In fact, almost one in seven teens have sex before age 15, so having a strong history of communicating about appropriate relationships, love, and sex is important.
And, in fact, most teens say it would be easier for them to delay sex and avoid pregnancy if they were able to have more open, honest conversations about these topics with their parents. Kiss and Tell- When Should the Conversations Start? In this same study, school connectedness was second in importance, after family connectedness, as a protective factor against emotional distress, disordered eating, and suicidal ideation and attempts. School connectedness was found to be the strongest protective factor for both boys and girls to decrease substance use, school absenteeism, early sexual initiation, violence, and risk of unintentional injury (e.g., drinking and driving, not wearing seat belts). The study found that family, school, and individual factors such as school connectedness, parent-family connectedness, high parental expectations for academic achievement, and the adolescent’s level of involvement in religious activities and perceived importance of religion and prayer were protective against a range of adverse behaviors. The National Longitudinal Study of Adolescent Health looked at the impact of protective factors on adolescent health and well-being among more than 36,000 7th–12th grade students. Studies- Group Activity Parenatal Influences on Adolescents' Physical Activity and Secretary Behavior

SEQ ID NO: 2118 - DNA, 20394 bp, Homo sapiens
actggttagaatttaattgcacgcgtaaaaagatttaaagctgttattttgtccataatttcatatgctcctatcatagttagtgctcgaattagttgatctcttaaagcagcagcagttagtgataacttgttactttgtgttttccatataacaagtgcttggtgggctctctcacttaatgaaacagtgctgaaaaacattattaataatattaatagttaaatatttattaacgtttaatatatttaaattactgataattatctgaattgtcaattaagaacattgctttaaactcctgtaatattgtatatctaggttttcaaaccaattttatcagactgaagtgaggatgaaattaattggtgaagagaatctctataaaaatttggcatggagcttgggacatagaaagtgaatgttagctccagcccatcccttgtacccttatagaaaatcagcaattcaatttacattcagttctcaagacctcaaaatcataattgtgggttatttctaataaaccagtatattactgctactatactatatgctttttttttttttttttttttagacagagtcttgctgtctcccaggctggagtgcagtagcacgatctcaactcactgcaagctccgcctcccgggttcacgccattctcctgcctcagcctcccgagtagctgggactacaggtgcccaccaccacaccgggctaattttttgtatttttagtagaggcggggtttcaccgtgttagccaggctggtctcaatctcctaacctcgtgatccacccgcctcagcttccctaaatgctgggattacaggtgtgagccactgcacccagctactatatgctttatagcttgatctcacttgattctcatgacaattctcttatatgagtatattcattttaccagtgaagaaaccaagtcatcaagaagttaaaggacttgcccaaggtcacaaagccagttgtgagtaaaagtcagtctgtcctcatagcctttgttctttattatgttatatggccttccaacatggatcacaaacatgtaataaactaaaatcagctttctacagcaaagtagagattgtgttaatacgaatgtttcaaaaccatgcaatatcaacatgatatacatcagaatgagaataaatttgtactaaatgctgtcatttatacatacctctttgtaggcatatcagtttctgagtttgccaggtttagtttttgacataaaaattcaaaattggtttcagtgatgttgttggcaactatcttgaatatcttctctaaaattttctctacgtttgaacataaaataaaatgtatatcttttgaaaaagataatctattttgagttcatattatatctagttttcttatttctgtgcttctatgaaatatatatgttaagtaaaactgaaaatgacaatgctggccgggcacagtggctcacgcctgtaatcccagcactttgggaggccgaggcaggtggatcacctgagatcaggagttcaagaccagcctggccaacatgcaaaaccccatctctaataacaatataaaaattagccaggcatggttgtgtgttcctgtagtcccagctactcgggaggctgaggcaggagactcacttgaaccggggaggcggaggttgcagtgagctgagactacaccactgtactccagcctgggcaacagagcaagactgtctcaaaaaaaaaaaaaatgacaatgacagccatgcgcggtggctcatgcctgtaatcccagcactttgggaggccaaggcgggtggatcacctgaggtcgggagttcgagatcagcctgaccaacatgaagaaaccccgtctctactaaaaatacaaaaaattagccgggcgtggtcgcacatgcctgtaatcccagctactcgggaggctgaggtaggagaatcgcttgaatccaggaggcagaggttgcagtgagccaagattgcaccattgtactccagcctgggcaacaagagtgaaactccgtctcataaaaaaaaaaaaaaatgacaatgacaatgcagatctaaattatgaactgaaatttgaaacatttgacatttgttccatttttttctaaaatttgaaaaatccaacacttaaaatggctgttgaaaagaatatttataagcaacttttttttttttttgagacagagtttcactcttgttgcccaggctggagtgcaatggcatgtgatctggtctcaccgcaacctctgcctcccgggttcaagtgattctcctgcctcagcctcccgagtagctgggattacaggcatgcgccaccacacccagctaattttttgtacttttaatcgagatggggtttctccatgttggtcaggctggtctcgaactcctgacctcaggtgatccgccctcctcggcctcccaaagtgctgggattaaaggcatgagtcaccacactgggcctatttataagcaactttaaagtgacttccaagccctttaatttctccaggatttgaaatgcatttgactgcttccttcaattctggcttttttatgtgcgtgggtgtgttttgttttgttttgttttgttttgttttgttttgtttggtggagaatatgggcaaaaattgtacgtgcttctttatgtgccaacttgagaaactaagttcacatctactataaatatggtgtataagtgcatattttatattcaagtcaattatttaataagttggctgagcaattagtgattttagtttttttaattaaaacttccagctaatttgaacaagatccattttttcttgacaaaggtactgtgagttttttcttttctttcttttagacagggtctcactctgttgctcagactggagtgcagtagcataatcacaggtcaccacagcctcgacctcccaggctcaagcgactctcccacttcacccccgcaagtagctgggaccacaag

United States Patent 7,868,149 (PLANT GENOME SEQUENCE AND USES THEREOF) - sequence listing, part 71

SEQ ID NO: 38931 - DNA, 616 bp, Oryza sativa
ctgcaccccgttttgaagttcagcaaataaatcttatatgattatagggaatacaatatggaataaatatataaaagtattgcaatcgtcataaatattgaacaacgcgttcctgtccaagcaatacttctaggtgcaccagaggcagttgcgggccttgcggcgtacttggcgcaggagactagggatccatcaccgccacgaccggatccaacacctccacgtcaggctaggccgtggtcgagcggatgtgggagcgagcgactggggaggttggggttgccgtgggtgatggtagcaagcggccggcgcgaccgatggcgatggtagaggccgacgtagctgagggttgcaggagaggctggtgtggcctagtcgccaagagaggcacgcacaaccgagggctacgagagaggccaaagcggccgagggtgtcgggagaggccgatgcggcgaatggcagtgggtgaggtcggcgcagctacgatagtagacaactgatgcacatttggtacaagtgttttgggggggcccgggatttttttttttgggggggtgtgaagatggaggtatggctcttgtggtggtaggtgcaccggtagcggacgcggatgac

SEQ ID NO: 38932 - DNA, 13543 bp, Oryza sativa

(Bauer, et al., 2008) Physical Activity and Sedentary Behavior Patterns
(Gorden-Larsen & Nelson) Dynamic Association (Yang, 2007) Adolescent Bullying Involvement and Perceived Family, Peer, and School Relations: Commonalities & Differences Across Race/Ethnicity
(Denise, et al., 2007) Bicycle Helmet use Among School Children
(Berg & Westerley) Understanding the Dimensions of Parental Influence on Alcohol Use (Clark & Ngogen, 2011) Influences of Parenting Practices on the Risk of Having a change to try Cannabis (Anthony, Chen & Storr, 2005) KIM- stop here KIM- start here